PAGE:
The story basically is that the village of Xiaogang had been suffering from the effects of the Great Leap Forward and then the Cultural Revolution, along with some bad weather, perhaps. The old system of that day left people with relatively little incentive to work hard and produce more. They were starving. Whether they worked hard all day or just slept, they would still get inadequate food and risk starvation. Why bother? But they suspected there was a better way. Led by a brave man, the farmers met and agreed to implement a bold new (but actually very ancient) system. The contract they signed agreed to give a portion to the government and then they would get to keep the surplus for themselves. In the article “Xiaogang, Anhui,” Wikipedia describes the Xiaogang miracle this way:

During the Great Leap Forward, Fengyang County, along with much of the rest of the country, experienced a period of famine. A quarter of the county’s population, 90,000 people, died of starvation. In Xiaogang village alone, 67 villagers died of starvation out of a population of 120 between 1958 and 1960.

In December 1978, eighteen of the local farmers, led by Yan (NPR’s name is a typo, there is no YEN in Chinese romanization) Jingchang,[2] met in the largest house in the village. They agreed to break the law at the time by signing a secret agreement to divide the land, local People’s Commune, into family plots. Each plot was to be worked by an individual family who would turn over some of what they grew to the government and the collective whilst at the same time agreeing that they could keep the surplus for themselves. The villagers also agreed that should one of them be caught and sentenced to death that the other villagers would raise their children until they were eighteen years old.[2][3] At the time, the villagers were worried that another famine might strike the village after a particularly bad harvest and more people might die of hunger.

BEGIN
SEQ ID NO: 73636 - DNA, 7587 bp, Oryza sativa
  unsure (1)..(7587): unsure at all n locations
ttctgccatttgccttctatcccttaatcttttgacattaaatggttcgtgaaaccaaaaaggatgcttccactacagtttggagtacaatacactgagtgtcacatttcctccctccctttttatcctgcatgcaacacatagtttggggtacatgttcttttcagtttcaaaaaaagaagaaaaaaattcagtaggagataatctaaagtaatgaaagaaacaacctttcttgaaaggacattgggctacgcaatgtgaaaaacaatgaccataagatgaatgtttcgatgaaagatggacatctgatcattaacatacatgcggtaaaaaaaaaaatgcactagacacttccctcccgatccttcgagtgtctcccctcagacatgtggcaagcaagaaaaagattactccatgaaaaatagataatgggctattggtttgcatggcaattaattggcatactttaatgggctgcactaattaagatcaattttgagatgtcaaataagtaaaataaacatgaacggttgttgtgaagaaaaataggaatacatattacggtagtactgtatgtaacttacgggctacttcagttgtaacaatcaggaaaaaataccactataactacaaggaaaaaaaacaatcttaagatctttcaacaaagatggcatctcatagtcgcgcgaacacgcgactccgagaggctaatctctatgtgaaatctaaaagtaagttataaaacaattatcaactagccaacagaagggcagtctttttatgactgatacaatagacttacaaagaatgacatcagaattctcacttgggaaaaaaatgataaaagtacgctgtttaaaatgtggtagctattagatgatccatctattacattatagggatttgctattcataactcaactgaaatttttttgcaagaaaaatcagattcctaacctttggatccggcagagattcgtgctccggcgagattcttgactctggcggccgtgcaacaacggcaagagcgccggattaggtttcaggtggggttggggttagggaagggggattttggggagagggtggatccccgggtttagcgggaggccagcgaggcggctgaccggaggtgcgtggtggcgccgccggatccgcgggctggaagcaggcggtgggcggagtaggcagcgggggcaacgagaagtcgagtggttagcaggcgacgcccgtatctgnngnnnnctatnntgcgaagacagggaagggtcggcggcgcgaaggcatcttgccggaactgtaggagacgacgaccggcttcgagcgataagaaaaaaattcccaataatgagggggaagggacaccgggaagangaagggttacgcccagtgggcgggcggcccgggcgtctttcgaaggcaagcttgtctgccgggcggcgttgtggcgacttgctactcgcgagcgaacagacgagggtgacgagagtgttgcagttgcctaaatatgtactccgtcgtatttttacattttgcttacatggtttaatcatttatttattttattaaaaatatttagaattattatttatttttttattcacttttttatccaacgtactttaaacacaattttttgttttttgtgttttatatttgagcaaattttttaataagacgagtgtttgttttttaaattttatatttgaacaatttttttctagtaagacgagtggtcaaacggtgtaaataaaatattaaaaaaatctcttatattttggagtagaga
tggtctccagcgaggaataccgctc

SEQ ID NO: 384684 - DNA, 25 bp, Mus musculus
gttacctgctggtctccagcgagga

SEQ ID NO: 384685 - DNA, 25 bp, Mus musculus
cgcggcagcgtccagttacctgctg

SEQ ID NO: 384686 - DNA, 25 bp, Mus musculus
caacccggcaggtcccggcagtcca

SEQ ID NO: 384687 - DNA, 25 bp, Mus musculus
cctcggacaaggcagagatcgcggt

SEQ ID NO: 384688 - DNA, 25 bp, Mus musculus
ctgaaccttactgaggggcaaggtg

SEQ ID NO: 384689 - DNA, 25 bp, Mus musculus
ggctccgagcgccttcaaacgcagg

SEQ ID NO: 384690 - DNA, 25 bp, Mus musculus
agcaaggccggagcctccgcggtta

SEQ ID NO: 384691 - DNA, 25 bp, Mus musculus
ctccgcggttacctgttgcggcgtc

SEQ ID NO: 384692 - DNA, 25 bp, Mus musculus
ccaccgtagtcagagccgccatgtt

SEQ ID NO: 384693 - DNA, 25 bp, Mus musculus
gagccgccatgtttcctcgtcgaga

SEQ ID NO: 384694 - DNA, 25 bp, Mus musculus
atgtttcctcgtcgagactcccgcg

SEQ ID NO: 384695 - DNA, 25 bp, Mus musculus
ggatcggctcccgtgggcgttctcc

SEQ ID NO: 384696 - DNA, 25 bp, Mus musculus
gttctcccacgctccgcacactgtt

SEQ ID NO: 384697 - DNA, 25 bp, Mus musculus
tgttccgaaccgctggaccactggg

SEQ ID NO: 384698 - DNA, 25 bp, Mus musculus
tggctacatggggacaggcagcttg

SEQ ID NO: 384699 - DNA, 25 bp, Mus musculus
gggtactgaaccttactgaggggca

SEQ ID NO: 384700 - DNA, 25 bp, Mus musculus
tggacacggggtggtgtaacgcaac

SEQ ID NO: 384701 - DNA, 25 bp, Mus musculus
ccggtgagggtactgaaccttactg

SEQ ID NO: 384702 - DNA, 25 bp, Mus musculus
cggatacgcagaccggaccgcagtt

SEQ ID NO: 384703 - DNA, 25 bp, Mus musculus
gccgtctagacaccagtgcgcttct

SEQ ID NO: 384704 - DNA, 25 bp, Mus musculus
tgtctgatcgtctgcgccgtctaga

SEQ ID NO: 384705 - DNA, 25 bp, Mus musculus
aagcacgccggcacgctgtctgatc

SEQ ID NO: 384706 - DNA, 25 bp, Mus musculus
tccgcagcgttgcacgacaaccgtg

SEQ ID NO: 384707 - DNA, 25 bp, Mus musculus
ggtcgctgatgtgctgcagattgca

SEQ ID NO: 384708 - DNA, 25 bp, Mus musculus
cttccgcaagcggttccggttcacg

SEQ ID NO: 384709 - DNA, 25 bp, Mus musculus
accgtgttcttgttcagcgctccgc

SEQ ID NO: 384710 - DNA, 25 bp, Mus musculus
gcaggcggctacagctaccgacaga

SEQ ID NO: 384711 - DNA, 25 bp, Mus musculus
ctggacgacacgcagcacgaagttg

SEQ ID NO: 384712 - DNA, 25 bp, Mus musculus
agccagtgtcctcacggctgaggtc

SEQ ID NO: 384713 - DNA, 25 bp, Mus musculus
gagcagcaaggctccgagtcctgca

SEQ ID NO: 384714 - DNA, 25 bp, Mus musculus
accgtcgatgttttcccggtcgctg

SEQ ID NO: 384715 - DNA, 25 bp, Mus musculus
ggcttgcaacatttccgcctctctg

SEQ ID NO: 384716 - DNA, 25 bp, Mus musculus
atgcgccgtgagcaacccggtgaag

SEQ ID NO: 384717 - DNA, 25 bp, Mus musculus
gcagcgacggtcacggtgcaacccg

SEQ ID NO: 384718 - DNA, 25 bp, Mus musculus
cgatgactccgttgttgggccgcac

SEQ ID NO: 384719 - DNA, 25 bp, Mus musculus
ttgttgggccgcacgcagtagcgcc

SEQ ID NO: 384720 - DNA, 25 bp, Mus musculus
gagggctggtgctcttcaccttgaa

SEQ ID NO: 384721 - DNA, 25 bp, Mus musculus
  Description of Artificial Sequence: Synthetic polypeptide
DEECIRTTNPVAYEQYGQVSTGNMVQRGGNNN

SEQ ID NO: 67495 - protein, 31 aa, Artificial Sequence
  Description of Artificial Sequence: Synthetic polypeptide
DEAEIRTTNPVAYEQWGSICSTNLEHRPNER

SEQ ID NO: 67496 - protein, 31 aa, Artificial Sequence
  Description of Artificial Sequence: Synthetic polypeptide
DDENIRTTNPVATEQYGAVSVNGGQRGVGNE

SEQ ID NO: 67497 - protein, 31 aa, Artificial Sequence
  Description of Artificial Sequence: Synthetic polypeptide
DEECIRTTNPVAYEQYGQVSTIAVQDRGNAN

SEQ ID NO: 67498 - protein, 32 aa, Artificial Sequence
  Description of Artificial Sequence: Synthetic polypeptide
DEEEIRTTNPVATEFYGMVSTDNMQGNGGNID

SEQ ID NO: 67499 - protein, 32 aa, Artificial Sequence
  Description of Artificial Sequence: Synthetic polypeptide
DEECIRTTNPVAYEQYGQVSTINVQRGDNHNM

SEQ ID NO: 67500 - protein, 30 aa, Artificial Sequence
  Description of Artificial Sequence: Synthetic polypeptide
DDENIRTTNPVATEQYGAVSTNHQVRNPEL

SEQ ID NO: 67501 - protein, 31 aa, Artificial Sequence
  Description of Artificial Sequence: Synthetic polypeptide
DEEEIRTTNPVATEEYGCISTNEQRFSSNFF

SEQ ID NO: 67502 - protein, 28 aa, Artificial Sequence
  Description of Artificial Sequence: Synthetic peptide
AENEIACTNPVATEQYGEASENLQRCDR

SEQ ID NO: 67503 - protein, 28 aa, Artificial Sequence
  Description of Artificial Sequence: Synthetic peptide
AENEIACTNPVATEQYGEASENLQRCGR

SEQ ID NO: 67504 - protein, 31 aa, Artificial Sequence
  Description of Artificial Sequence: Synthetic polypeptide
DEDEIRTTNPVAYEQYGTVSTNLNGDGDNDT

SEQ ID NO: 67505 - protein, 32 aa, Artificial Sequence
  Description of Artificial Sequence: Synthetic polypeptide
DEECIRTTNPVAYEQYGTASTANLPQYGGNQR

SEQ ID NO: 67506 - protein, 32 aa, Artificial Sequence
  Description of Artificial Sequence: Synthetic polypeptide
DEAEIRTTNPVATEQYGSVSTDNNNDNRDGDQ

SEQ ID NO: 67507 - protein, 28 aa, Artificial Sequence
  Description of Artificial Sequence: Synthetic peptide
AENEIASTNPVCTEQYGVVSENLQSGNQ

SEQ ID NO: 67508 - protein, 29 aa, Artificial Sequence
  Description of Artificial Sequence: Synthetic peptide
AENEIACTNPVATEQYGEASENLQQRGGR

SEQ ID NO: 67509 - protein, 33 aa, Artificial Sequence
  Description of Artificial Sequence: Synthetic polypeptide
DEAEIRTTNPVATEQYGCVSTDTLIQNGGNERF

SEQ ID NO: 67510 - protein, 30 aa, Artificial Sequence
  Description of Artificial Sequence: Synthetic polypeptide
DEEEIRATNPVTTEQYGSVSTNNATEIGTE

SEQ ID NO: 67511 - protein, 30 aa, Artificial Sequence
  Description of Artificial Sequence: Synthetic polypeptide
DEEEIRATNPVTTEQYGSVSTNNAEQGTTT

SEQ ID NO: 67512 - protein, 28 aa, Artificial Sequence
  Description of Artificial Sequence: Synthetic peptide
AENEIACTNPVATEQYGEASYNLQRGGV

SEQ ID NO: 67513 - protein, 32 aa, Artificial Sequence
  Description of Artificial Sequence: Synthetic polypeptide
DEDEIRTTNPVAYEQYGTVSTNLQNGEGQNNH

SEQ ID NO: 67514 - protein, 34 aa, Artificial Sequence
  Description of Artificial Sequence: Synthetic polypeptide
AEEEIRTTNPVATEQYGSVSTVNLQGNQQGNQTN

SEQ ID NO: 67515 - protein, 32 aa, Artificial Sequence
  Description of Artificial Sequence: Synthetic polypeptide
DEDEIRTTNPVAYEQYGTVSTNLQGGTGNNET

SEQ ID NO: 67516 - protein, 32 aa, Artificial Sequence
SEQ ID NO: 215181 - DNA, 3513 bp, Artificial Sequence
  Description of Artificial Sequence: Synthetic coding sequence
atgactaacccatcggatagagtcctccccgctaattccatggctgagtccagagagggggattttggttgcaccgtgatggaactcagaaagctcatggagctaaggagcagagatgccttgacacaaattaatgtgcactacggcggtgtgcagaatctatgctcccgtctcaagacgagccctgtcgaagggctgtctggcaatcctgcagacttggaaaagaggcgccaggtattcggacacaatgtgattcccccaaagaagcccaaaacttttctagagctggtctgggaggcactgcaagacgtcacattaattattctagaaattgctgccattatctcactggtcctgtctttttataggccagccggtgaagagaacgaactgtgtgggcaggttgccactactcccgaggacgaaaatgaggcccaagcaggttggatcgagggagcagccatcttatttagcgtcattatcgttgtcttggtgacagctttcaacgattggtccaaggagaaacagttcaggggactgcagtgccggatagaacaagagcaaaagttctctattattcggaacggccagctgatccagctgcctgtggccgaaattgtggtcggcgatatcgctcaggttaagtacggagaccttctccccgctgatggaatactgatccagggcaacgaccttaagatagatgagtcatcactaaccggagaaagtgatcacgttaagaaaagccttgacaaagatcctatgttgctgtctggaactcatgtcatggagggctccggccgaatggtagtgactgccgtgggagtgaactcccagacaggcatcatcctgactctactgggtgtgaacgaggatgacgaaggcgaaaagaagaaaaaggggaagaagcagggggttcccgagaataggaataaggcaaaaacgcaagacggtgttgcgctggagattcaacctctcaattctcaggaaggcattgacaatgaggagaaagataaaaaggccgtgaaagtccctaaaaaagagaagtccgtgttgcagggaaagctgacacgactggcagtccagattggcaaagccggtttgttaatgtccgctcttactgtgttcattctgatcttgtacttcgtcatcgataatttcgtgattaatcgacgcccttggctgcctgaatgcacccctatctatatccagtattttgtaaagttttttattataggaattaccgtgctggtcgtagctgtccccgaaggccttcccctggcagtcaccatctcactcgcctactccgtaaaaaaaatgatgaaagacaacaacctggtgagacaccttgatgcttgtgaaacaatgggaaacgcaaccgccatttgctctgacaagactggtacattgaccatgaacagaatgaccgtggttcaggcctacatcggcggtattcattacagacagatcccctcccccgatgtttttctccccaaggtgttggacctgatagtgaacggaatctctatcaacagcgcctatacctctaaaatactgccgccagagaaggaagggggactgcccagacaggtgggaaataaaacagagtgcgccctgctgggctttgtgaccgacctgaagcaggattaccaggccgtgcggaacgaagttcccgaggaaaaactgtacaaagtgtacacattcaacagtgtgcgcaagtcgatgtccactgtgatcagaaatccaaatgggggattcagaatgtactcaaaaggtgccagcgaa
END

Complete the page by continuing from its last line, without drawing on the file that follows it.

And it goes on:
After this secret reform, Xiaogang village produced a harvest that was larger than the previous five years combined.[2] Per capita income in the village increase from 22 yuan to 400 yuan with grain output increasing to 90,000 kg in 1979.[3] This attracted significant attention from surrounding villages and before long the government in Beijing had found out. The villagers were fortunate in that at the time China had just changed leadership after Mao Zedong had died. The new leadership under Deng Xiaoping was looking for ways to reform China’s economy and the discovery of Xiaogang’s innovation was held up as a model to other villages across the country. This led to the abandonment of collectivised farming across China and a large increase in agricultural production. The secret signing of the contract in Xiaogang is widely regarded as the beginning of the period of rapid economic growth and industrialisation that mainland China has experienced in the thirty years since.